Carbon Cutting Cymru

Tackling climate change comes with big political decisions, major tech breakthroughs and worldwide changes. But it also comes with heroes in there just ploughing away at tackling climate change.

Wales has plenty of those - people doing their bit, but not getting much of the credit they deserve for their inspiring work. And since we’ve just celebrated St David’s day, what better time to shine a spotlight on some amazing stories of climate hope from Cymru?

1. Plas Newydd mansion

Photo: Tomlish,  creative commons

Photo: Tomlish, creative commons

The 300 year old mansion set on the beautiful Anglesey coast used to be the National Trust’s biggest oil user. So in 2015 they installed a marine-source heat pump. The clean heating system works by collecting warmth from the sea and using it to heat the house. And this is not just any heat pump - it’s the UK’s largest and provides enough warmth for the entire mansion. As well as stacks of carbon savings, it cuts Plas Newdd’s heating bills by £40,000 per year - money they can spend on keeping the old place fit for the 21st century.

2. Elwy Working Woods

Photo: Mark Sabeano,  creative commons

Photo: Mark Sabeano, creative commons

The Elwy woods were planted 25 years ago, and six businesses came together to form a co-operative to manage them. Not only are woodland beautiful, but they breath in and store CO2 - helping battle climate change too. There are twelve co-op members now, all working in woody things like saw-milling, basket making and tree planting. Using the local wood means far less emissions from transport, and keeping the financial benefit from their woody trades local.

3. The Swansea tidal lagoon

Ok, this one hasn’t happened yet, but it’s going to be super awesome. The tidal lagoon will be a UK first. A sea wall will be built around the bay so that as the tide comes in and out, turbines under the sea will turn and generate electricity. The tidal lagoon will last 120 years and be big enough to generate electricity for all the homes in Wales.

4. Siop Pwllglas

When the community owned shop in Pwllglas, north Wales, was struggling to keep going, the local church chipped in and raised enough money for 45 solar panels for the shop roof. The low carbon power is great for the environment, and the purse too - the money they save is enough to cover their rent and cut their energy bills in half.

And the carbon savings don’t stop there. The next nearest shop is four miles away, which would have meant lots of car trips if this shop had closed. Plus they sell plenty of local produce - everything from honey to chocolate to bread to beer - also cutting food miles and  emissions.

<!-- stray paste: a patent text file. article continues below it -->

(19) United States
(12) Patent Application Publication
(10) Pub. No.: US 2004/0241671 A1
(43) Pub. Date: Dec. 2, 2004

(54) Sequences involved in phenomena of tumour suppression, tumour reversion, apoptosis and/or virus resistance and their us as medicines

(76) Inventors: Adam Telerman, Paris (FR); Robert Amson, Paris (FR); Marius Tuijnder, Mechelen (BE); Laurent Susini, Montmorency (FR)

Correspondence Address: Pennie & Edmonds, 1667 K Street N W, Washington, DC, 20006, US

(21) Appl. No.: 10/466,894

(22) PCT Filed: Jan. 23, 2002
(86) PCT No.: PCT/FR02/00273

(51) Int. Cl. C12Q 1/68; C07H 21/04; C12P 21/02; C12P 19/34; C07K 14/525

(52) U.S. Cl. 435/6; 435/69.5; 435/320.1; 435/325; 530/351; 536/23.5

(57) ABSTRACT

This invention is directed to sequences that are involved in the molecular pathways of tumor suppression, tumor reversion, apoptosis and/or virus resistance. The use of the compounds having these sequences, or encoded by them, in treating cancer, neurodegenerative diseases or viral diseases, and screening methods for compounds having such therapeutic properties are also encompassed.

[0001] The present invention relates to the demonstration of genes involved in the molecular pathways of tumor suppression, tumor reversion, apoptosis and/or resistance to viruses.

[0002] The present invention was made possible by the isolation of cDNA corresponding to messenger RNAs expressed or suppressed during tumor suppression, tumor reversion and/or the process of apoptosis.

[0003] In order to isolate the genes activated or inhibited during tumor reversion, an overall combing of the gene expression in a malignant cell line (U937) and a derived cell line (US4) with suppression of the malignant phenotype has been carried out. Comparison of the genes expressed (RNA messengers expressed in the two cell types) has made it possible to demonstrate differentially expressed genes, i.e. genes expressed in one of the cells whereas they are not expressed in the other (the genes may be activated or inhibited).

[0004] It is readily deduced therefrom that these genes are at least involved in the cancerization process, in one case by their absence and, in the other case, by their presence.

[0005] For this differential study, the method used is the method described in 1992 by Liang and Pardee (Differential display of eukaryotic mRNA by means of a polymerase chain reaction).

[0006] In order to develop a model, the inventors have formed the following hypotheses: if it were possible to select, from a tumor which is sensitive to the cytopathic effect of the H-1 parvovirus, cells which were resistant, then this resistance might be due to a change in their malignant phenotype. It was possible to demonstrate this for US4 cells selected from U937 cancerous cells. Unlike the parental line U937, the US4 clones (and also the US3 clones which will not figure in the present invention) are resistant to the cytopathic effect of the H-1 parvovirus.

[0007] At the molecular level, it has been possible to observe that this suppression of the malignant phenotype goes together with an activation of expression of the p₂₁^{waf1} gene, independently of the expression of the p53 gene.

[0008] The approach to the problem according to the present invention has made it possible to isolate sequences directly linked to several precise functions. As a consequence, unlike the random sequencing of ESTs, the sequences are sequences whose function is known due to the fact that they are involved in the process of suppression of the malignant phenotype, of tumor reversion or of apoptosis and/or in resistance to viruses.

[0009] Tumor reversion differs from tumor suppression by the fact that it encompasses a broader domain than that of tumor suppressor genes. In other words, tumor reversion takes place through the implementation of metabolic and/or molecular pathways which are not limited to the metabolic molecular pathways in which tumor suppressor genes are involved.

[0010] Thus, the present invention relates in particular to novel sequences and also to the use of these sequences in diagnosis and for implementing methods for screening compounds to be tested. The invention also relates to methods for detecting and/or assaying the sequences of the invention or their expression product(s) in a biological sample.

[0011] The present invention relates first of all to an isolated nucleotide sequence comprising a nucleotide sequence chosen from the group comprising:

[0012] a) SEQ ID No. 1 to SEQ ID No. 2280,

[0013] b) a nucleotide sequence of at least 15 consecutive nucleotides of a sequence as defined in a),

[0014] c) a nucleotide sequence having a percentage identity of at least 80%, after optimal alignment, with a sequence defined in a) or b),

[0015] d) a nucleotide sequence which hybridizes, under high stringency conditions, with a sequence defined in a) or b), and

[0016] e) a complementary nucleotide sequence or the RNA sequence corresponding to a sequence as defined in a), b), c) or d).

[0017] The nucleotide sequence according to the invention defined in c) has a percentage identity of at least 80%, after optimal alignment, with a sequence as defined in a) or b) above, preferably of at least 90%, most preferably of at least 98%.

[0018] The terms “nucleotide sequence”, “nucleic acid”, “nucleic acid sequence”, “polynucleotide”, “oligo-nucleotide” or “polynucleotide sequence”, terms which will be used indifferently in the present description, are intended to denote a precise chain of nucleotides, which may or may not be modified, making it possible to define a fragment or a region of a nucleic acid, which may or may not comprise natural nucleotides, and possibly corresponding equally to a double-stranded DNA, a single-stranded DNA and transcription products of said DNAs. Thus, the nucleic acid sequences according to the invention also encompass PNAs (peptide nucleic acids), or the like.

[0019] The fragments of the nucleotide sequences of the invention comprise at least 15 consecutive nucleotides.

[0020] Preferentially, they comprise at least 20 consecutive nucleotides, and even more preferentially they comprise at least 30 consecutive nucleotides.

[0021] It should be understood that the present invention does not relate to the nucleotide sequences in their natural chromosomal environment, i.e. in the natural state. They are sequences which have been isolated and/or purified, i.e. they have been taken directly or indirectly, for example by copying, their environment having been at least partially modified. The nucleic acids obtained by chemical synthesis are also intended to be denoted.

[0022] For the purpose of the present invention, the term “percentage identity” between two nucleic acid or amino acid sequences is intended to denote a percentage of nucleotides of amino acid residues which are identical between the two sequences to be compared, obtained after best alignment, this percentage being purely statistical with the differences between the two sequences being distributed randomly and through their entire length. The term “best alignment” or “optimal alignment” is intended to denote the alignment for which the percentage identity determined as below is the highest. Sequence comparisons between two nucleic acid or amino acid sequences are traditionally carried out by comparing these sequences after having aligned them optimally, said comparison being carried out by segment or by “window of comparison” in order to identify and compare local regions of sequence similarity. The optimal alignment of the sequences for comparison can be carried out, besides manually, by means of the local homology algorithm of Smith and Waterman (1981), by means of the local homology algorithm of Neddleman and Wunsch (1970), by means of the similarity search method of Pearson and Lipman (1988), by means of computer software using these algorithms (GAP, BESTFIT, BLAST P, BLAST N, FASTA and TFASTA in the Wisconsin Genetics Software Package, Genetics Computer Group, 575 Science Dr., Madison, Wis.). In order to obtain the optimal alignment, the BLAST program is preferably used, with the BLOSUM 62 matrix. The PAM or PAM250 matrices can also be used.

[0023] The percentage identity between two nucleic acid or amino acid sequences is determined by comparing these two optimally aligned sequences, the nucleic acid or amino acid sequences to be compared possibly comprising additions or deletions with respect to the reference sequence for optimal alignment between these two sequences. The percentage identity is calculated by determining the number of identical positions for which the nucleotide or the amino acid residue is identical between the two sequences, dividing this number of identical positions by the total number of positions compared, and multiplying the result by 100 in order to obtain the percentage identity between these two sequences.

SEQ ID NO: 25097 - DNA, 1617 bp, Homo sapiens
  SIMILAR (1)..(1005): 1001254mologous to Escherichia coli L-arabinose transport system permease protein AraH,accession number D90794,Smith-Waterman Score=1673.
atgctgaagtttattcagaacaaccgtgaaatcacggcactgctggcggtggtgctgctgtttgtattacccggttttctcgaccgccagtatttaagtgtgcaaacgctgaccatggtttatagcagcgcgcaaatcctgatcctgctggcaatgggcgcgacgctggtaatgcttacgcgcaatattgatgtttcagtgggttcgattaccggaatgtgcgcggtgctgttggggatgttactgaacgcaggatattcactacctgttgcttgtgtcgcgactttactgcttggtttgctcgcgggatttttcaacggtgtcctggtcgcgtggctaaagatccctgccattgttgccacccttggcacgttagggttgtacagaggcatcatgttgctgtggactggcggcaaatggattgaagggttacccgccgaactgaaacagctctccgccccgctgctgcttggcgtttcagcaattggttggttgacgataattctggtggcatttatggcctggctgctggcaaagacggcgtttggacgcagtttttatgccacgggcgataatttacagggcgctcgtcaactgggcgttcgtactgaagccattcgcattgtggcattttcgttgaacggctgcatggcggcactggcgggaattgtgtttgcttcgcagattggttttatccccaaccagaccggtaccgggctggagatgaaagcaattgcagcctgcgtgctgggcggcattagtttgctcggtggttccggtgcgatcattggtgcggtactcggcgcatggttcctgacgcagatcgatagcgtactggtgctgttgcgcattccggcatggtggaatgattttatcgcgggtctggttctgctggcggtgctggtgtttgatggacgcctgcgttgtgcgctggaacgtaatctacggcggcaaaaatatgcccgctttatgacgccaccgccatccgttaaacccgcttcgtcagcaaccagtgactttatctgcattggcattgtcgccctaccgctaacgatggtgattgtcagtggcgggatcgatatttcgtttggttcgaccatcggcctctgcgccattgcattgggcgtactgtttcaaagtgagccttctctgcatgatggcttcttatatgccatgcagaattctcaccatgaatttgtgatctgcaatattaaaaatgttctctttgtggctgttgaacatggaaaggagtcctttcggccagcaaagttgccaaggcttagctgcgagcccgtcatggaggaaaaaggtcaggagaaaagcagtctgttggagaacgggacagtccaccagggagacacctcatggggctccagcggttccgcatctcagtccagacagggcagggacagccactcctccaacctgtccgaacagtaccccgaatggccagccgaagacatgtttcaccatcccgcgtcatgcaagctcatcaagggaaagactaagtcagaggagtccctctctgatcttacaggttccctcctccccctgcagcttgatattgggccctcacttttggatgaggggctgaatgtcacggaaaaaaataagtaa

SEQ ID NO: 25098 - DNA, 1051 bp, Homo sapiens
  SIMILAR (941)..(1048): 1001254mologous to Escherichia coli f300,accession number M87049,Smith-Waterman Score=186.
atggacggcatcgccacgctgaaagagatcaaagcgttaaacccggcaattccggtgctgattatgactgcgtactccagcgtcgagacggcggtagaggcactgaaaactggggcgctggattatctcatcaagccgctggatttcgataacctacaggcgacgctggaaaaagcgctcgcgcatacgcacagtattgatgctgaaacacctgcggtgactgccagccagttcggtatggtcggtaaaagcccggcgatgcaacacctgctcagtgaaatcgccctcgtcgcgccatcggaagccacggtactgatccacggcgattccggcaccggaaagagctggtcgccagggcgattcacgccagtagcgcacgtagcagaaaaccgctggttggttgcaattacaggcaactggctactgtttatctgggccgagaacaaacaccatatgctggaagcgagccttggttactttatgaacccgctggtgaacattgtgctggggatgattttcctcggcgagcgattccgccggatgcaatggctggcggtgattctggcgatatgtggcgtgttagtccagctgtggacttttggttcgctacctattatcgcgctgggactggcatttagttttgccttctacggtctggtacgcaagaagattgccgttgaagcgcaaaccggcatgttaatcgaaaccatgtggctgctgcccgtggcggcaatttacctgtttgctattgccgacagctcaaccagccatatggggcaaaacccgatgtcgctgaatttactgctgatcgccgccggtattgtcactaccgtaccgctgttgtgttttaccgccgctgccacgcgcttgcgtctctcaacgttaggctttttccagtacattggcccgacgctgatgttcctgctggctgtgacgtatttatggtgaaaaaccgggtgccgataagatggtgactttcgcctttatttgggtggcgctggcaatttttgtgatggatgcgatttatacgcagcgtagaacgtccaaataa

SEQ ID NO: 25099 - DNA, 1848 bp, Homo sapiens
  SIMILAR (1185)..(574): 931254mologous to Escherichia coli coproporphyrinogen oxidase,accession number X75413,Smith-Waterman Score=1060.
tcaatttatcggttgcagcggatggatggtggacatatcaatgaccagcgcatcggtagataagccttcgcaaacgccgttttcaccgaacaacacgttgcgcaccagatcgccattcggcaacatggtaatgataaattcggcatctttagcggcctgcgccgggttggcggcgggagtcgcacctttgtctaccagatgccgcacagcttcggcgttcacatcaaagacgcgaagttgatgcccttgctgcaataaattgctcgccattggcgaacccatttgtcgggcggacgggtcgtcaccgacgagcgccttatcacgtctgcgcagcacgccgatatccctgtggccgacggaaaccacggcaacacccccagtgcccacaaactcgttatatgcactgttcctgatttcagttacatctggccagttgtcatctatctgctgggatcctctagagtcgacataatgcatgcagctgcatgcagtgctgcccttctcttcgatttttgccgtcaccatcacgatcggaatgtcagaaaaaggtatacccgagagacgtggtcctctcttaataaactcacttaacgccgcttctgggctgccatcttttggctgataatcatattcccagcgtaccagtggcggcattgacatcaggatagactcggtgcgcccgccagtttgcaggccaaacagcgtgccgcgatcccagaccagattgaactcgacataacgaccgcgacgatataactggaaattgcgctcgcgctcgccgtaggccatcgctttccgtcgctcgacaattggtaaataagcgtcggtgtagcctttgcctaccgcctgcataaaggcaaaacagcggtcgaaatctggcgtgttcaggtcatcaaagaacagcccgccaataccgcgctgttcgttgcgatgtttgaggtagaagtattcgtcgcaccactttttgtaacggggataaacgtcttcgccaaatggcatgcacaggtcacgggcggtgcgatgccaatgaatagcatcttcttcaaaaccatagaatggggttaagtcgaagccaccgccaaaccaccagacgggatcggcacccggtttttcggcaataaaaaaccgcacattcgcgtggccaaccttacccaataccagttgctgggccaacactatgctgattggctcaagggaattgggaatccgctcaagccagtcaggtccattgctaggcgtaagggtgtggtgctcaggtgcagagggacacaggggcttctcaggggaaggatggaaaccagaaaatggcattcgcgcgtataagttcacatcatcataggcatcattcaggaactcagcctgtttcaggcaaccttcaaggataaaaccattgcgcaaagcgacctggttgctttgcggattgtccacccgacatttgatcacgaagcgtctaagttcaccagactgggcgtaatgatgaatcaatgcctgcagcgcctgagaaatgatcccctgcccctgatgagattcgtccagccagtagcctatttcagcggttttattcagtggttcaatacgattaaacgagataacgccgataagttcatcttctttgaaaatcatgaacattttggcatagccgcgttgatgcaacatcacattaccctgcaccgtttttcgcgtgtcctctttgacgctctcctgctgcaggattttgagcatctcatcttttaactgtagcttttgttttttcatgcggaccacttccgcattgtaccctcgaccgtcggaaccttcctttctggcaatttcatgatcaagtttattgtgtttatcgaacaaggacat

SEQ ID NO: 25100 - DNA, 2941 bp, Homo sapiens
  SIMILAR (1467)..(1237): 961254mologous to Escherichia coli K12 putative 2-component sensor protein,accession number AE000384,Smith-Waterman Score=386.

5. Energy Local

Energy Local (or Cyd Ynni) is an innovative trial project happening in Bethesda, north Wales to make the most of local renewable energy resources. 100 households have come together with their local hydro turbine to form an energy club. When it’s been raining, the people share out the power the hydro is generating and pay a reduced rate for it. They’re already making savings on their bills and getting smarter about when to use their power.

6. Llandegfan School

Photo: Llandegfan school's sponsored bike ride

Photo: Llandegfan school's sponsored bike ride

When Llandegfan school decided to get serious about sustainability, they made sure the pupils were right at the centre. They set up an eco watch team for pupils to make smart use of energy at school by switching things off after use and recording how much gas, water and electricity they’re using. Then, to make sure that electricity is clean, they fundraised £9000 for 24 solar panels for the school roof. The pupils designed promo posters, wrote fundraising letters to businesses and ran stalls at fairs to rake in the cash. And all that meant they learned a lot about energy, inside and outside of science lessons.

7. Canolfan Beaumaris

In a time of belt-tightening at the council, this leisure centre was going to be shut down. So the community took it over. For them, saving cash meant saving energy. They installed thick loft insulation and bought new super-efficient boilers. Right now they’re looking at adding cavity wall insulation. And that’s not to mention 100 solar panels on the roof. Thanks to all those carbon cutting improvements the leisure centre has the cash to keep going and run community events that they wouldn’t have been able to without.

A huge thank you to Grant Peisley from DEG who told us about lots of these fab stories!

This blog post is funded by our pals at Ben & Jerry’s. The banner photo is by Blazing Minds, creative commons.